Cos we can advertise where we like. And we didn't like that.
I was involved in the decision of one of the advertisers to withdraw from radio live.
We did not and do not see it as in any way exercising some form of editorial control over another business
As a business we have a choice as to where we put advertising dollar and decisions about that are made constantly for all sorts of reasons. And heck, any business that sells ad space knows this.
In this case, after much discussion, we elected to withdraw, for what we believe were entirely the right reasons.
We felt very comfortable with the decision and our customer feedback strongly supported it.
maybe, but politics is a blood sport, so while it would be nice to think that any opposition will consider such an approach entirely on its merits, I'm cynical enough to think that political opportunism will always be a factor.
Heh, yes that would be a good guide. But what does it mean to you?. Take, for example, the Lange/Douglas Government policies. Surely they were motivated by a genuine belief that long-term future well being of NZ would be best served by modernising the economy, knowing there would be a lot of pain on the way. Is that humane? Is the belief that something is humane enough, or does it need to pass another test for basic humanity? Say, an election? Or a Parliamentary bill?
Well .., it would be a helluva precedent. You might not like this particular government deal with a corporate (for good reasons) and may well be ok with the idea of a new government reneging and telling them to go fuck themselves.
But who gets to decide what is a 'good' deal or not, and what would unintended consequences be on future corporate interest in investing in NZ when deals or regulations (e.g. auckland airport and OIO rules) might get reneged on or changed with the political wind?
Thanks Mikaere. In this particular case I was referring to the candidates responses cited by RB to the Sky City question. I do understand that there are some considered responses out there (I generally vote Green and have a passing acquantance with Scoop).
And really my bigger question was more about the effectiveness of tribalism in politics in terms of making a difference to the non-tribal. You see a lot of it on blogs of all political persuasions where reaction to political events quickly falls along tribal or partisan lines, regardless of the issue at hand. I get that for most of us we are political junkies, but I think we run the risk of being disappointed if we think that everyone will respond to the same signals.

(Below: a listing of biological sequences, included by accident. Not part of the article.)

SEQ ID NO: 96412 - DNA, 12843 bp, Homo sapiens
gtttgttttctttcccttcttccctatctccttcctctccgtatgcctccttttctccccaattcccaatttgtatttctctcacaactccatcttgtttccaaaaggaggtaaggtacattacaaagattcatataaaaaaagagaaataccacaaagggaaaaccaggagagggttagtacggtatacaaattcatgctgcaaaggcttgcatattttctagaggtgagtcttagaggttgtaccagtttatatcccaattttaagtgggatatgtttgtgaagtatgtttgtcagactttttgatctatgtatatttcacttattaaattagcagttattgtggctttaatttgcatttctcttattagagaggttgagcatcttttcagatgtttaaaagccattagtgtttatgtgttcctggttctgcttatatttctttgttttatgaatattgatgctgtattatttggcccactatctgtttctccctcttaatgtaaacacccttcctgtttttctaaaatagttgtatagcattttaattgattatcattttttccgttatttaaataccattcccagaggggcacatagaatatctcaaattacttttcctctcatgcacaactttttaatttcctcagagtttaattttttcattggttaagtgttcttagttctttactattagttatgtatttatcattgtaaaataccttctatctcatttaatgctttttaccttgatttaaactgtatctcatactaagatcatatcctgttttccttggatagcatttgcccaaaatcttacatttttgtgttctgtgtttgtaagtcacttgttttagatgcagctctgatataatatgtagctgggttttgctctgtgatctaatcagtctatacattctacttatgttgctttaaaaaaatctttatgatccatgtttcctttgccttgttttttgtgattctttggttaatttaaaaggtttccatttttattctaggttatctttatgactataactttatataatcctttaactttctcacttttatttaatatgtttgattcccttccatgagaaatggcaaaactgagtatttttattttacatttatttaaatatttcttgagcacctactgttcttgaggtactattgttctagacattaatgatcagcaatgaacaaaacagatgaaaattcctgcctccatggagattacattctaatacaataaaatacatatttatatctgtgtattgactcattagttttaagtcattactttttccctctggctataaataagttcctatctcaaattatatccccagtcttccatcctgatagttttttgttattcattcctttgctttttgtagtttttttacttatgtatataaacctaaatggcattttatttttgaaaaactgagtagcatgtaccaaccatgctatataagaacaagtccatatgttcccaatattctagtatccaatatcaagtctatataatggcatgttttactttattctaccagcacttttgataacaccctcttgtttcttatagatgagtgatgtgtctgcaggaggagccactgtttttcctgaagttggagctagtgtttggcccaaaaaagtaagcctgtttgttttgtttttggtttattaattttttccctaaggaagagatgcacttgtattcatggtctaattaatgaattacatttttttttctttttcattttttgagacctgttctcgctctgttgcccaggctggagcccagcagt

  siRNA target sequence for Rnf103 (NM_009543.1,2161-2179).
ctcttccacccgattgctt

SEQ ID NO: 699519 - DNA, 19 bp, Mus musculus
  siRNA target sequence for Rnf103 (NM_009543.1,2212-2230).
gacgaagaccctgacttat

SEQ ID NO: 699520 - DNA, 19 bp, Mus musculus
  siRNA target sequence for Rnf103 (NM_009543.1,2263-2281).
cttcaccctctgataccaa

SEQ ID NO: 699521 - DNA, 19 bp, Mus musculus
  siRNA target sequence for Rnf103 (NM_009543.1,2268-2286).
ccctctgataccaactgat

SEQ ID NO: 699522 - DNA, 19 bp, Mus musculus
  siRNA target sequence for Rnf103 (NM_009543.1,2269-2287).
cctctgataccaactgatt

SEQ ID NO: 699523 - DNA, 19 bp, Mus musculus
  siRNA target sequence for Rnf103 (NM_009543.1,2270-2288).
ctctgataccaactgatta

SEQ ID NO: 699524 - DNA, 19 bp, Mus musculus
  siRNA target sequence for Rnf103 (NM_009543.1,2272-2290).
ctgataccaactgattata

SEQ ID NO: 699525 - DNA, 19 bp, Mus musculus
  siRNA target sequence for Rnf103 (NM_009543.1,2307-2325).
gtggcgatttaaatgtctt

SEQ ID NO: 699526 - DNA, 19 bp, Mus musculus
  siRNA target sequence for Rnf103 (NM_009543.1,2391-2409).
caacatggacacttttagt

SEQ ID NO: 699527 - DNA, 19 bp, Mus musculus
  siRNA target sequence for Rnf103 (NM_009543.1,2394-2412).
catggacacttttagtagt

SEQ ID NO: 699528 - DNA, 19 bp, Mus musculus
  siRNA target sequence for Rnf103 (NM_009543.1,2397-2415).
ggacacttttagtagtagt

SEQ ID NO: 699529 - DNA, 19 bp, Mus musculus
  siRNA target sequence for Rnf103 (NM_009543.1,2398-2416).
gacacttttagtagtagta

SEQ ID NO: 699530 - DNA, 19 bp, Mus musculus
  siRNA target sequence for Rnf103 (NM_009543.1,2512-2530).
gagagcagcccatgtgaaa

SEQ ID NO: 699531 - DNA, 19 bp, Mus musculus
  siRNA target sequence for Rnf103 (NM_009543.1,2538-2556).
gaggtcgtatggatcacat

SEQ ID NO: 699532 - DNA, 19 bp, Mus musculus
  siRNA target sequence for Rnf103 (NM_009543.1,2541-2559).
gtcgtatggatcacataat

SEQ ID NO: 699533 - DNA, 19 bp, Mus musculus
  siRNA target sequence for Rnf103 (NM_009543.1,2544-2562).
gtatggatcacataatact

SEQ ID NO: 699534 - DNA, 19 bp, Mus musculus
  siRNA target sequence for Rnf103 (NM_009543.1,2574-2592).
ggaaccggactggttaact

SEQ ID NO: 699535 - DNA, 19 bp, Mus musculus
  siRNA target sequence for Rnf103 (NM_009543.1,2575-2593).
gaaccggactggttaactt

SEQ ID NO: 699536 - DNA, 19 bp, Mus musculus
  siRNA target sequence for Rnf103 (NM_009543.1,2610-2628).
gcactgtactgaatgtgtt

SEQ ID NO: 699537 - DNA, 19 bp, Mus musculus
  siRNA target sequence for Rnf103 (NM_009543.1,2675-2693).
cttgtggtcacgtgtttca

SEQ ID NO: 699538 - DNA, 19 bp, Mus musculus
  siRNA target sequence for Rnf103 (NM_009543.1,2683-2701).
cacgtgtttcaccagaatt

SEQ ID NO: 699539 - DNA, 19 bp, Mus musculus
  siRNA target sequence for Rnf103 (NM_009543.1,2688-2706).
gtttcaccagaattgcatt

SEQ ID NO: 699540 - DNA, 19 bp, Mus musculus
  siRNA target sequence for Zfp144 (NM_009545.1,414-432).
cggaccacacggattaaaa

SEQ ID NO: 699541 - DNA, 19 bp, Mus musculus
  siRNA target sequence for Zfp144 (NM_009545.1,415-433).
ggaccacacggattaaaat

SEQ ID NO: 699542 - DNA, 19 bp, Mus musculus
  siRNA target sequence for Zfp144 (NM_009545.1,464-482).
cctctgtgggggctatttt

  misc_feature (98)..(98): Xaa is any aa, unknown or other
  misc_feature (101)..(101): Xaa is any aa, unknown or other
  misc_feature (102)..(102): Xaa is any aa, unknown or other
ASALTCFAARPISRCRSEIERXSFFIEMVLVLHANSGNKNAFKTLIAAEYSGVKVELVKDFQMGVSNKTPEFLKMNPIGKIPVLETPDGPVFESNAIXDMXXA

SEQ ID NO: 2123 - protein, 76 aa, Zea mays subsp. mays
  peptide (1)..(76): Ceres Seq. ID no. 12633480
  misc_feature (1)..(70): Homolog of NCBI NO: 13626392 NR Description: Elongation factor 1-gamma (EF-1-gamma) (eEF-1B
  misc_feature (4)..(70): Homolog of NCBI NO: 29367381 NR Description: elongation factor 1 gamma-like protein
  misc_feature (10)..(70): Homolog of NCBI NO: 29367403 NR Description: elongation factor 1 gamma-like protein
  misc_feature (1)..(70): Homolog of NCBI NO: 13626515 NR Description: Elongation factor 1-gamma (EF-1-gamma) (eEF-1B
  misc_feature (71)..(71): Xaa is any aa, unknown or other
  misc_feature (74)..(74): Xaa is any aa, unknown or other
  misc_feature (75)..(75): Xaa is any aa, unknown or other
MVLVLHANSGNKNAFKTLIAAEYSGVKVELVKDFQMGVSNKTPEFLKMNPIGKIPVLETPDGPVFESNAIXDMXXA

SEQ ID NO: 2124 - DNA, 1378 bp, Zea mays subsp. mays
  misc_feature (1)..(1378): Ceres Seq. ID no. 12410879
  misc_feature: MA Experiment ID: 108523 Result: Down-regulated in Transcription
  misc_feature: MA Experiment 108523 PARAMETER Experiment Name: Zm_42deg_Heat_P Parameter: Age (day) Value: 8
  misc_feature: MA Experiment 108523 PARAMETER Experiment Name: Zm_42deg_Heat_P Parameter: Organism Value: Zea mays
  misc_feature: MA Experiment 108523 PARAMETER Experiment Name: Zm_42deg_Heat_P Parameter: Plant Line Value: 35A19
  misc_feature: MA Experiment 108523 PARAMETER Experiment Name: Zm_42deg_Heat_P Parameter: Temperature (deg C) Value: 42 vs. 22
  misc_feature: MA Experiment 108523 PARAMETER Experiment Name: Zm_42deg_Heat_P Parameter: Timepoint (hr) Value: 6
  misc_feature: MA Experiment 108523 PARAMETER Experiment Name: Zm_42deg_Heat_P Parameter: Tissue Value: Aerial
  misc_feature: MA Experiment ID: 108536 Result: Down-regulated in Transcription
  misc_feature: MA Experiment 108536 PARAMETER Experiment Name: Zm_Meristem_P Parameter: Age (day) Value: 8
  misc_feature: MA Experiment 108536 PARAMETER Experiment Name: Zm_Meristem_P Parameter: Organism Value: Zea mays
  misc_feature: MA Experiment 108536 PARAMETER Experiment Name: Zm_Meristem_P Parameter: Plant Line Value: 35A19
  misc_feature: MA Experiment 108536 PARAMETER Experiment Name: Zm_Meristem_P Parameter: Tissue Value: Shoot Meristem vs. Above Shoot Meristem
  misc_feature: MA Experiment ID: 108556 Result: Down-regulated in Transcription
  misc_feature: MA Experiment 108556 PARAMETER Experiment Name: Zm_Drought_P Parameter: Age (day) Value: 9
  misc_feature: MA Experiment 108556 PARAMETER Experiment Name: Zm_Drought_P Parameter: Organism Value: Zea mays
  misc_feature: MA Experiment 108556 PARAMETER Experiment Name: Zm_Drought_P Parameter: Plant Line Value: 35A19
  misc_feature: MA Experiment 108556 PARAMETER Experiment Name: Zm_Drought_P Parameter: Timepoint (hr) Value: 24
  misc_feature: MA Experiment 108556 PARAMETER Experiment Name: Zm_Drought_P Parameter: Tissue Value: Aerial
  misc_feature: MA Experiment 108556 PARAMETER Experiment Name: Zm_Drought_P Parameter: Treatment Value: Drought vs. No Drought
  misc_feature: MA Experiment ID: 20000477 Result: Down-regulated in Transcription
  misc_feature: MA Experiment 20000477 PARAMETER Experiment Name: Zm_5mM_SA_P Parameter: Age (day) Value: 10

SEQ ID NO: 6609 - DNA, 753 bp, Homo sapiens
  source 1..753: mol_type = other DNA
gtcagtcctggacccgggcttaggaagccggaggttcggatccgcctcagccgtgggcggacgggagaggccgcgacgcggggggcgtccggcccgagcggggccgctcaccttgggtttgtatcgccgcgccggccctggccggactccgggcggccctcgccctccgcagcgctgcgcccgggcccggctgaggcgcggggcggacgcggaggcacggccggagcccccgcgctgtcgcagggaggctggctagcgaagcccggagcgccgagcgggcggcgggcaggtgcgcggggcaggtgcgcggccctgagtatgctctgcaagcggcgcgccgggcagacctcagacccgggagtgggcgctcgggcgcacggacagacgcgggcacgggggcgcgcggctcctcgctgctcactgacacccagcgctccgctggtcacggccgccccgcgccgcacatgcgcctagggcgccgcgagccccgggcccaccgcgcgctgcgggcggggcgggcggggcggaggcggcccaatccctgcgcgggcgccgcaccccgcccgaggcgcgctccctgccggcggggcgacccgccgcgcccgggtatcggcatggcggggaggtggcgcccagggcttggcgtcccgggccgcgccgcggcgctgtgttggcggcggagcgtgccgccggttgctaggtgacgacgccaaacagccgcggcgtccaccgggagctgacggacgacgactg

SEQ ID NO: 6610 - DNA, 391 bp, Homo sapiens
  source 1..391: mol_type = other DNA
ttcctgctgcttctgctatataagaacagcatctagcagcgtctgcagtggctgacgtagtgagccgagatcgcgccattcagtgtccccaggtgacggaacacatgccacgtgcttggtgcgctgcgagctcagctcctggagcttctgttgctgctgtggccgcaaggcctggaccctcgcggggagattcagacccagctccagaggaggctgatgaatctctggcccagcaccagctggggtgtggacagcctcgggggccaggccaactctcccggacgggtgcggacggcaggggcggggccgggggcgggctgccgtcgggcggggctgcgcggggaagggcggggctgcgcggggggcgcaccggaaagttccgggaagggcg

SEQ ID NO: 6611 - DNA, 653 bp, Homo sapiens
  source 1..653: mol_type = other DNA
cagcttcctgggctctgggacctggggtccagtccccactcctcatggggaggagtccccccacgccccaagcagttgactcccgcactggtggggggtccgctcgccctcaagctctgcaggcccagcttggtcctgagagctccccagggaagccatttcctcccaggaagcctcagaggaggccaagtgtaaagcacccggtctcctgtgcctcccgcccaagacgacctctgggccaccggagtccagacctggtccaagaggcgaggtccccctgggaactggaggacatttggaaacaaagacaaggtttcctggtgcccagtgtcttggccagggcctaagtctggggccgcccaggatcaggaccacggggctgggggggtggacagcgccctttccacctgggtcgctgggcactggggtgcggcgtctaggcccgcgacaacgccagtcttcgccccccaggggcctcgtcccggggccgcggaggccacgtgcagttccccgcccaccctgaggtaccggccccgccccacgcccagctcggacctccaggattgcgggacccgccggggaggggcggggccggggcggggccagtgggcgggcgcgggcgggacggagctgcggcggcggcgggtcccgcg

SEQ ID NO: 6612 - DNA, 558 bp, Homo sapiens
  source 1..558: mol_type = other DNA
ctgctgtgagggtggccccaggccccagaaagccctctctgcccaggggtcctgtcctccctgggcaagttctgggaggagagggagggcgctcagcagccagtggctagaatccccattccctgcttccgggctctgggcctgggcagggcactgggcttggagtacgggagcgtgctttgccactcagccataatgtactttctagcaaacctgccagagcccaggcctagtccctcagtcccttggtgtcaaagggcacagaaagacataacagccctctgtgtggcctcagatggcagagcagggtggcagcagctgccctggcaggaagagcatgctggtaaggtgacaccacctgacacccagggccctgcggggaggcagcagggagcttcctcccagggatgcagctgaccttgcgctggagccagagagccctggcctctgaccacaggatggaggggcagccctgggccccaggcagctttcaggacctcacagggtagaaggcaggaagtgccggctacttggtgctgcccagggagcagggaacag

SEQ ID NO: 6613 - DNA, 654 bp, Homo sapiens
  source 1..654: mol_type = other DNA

Hmmm, I get that JK isn't your cup of tea (nor is he mine), but it seems to me to be a little bit too tribal to imply (and apologies if that was not your intention) that those who voted for him have been 'baffled by bullshit'. I would have thought it was very clear by now (two election victories in) that this is a Government that should not be underestimated.
Shouting your strident opposition to a policy in ever-increasing volumes is not, in my view, a political tactic that is likely to appeal to an electorate in sufficient numbers to win an election. But I'm no political strategist so I could be wrong.
But for that very reason I tend to agree with Craig. I'd be much more interested in an approach to an unpopular policy or piece of legislation that clearly communicated to lay-people the 'why it sucks', and 'how it can be improved', rather than the blunt instrument of (short-hand) of 'fuck-em' to big-business.
That sort of tactic might play well with the tribal base, but clearly (on the evidence of the last two elections) is not convincing enough people that this is a viable alternative Government.
Got my Neil Young ticket. And my Laneways ticket. Check. And with any luck, a Stone Roses ticket.
I live near the Manukau coast. Havent had the fortune of visiting the West Coast for over 25 years, will be rectifying that with my children this January. Cannot speak with any authority at all on impact of tourism on the area. Can speak with some authority on tourism trends.
Fair enough Islander, I have not seen the effects of tourism on the West Coast. But maybe that detrimental impact supports an argument that NZ should be targeting quality rather than quantity in terms of tourism?